- Identify Learning Objectives: Next, learning objectives are framed. These objectives help separate what is helpful and what is essential. The expected outcome should be clear.
- Develop Design: Design development is its own process. It involves organizing content into a logical sequence, determining an approach to deliver the course (such as through stories, games, problems or videos) and implementing engagement points like motivational videos or reflection questions. The design must be consistent in all modules and resource materials.
- Create a Storyboard: A storyboard helps visually organize content and present a flow for topics. Instructional designers use these visual documents to identify the type of content involved, and to present the content for each page, along with text, graphics, characters and notes.
- Develop a Prototype: Before starting development, a functional prototype is created, using four to five unique pages of different types. The prototype helps clients visualize how the storyboard will be made into a functional module.
- Develop Training: After the storyboard and prototype are complete, training can be created in the learning management system. Training includes graphics, interactive elements, assessments, recordings by a voice-over artist and more, based on the storyboard.
- Deliver Training: Developers should ensure that the course is compatible with the learning management system. They should also understand certain features, like how to track learners’ progress and assessment performance, how to generate course completion reports, and how to add pre- and post-training resources.
- Evaluate Impact: Evaluation takes place at two levels — the learner’s level to see if training is engaging and useful, and at the organization’s level to determine if training positively impacts the business and fulfills the goals of the training.
Various Instructional Design Approaches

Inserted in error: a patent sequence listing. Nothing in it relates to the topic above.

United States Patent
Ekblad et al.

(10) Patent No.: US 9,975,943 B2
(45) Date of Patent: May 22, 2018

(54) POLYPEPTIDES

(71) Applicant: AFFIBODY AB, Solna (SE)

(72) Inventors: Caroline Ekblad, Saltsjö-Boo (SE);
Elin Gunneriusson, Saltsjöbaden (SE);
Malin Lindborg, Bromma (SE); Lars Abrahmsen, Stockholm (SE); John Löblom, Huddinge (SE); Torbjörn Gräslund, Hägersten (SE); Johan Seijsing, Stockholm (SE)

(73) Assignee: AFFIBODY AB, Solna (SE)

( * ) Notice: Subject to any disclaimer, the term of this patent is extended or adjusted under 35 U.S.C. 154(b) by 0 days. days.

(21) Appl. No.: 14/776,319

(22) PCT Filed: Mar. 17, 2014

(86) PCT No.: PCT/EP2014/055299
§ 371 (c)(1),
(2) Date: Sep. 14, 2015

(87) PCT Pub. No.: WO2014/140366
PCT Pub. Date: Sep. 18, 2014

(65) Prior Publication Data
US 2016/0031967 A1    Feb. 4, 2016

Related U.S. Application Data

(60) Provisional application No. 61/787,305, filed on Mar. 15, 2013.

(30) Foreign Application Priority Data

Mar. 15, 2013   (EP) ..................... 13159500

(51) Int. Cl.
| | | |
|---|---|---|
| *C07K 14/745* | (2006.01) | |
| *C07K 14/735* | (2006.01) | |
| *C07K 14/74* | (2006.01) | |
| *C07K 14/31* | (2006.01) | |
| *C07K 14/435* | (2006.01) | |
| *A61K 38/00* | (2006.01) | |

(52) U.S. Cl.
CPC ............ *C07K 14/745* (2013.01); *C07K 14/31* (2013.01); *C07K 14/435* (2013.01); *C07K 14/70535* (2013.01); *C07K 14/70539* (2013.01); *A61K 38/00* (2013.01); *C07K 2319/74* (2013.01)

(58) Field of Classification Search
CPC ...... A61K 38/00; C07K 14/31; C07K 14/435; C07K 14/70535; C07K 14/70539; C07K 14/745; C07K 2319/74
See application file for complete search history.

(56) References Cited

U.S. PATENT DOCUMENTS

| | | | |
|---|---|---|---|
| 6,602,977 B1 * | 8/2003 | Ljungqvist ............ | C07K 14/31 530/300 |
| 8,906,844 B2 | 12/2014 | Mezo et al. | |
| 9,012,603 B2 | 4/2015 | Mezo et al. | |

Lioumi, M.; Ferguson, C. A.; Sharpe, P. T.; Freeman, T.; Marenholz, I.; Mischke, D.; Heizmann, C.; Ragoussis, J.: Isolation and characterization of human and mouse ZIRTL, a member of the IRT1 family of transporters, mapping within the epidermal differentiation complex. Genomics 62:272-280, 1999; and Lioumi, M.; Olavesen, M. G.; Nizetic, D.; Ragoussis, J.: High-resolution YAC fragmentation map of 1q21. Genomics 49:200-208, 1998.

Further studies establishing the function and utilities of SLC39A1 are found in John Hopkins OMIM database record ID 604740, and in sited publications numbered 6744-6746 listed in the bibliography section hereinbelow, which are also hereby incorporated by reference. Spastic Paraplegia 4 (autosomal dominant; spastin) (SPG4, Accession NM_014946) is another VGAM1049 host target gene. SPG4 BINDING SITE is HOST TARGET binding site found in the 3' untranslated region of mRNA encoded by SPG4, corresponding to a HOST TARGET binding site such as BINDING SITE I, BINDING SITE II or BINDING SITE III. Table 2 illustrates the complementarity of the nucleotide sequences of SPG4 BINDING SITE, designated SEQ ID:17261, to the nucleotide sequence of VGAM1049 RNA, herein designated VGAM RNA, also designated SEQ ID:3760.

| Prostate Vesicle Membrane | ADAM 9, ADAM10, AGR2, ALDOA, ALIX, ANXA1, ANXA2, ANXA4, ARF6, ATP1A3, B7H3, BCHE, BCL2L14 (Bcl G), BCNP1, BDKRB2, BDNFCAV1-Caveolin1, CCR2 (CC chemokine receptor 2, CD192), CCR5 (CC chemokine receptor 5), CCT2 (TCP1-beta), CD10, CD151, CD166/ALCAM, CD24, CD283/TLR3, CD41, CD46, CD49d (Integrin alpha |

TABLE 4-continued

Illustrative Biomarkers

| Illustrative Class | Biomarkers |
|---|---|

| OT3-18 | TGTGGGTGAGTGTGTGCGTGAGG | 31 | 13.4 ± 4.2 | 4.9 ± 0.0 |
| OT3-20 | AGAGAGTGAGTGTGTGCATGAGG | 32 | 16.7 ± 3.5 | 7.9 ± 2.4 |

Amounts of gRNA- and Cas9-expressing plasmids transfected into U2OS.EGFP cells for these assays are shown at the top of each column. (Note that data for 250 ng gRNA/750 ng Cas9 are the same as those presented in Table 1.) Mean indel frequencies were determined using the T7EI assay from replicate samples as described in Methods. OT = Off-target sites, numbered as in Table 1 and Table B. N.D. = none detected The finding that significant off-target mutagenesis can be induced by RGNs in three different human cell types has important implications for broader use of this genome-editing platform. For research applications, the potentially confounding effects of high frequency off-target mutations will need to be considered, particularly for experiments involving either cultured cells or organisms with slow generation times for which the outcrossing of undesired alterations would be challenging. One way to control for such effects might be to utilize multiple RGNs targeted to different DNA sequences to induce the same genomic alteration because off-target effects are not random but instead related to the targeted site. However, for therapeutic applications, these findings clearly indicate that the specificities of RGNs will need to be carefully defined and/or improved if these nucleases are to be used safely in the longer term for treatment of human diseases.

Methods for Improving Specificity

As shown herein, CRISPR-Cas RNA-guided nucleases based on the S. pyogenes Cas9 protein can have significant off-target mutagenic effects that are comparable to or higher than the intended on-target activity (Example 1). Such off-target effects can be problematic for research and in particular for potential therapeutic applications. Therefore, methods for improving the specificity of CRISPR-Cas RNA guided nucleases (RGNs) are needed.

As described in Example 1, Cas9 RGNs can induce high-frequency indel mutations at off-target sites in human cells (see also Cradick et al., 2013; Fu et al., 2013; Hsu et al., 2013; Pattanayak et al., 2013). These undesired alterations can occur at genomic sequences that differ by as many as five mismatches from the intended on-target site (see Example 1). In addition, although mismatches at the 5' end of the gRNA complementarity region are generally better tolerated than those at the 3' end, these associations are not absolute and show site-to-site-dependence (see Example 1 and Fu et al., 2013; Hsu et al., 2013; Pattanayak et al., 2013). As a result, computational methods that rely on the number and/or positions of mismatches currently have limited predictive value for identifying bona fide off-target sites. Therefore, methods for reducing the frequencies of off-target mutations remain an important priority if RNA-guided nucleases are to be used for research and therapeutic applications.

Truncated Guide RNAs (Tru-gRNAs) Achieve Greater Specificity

Instructional designers can follow pre-set steps for developing courses. They can also mix it up, choosing a sequence of steps that makes the most sense for the project at hand.
Perhaps the most common and notable instructional design process is known by the acronym ADDIE:
While most instructional design processes integrate similar steps, more flexibility is needed. For instance, the CATESOL Journal notes that when authors of a curriculum-design project developed a course, they intended to follow a process presented by many textbooks:
- Needs analysis;
- Setting goals and objectives;
- Course organization;
- Selecting and preparing teaching materials; and
“However, after many failed attempts to achieve our directives for the course design, we realized that we must approach the process from a different angle,” they said. As a result, the authors adopted somewhat of a “backward” approach to the curriculum and design of a course.
- Conduct needs and situation analyses;
- Conceptualize the content;
- Evaluate existing assignments based on students’ needs and institutional goals;
- Identify what was missing or lacking in the existing assignments;
- Revise and change assignments to fulfill course goals, bring unity to the course, and motivate students;
- Articulate the goals and objectives based on the assignments we determined;
- Compare them with the existing ones, and then add our goals and objectives to the existing ones;
- Organize unit content (scope and sequence) and developing of course materials; and
- Choose evaluation methods that connected and built off one another.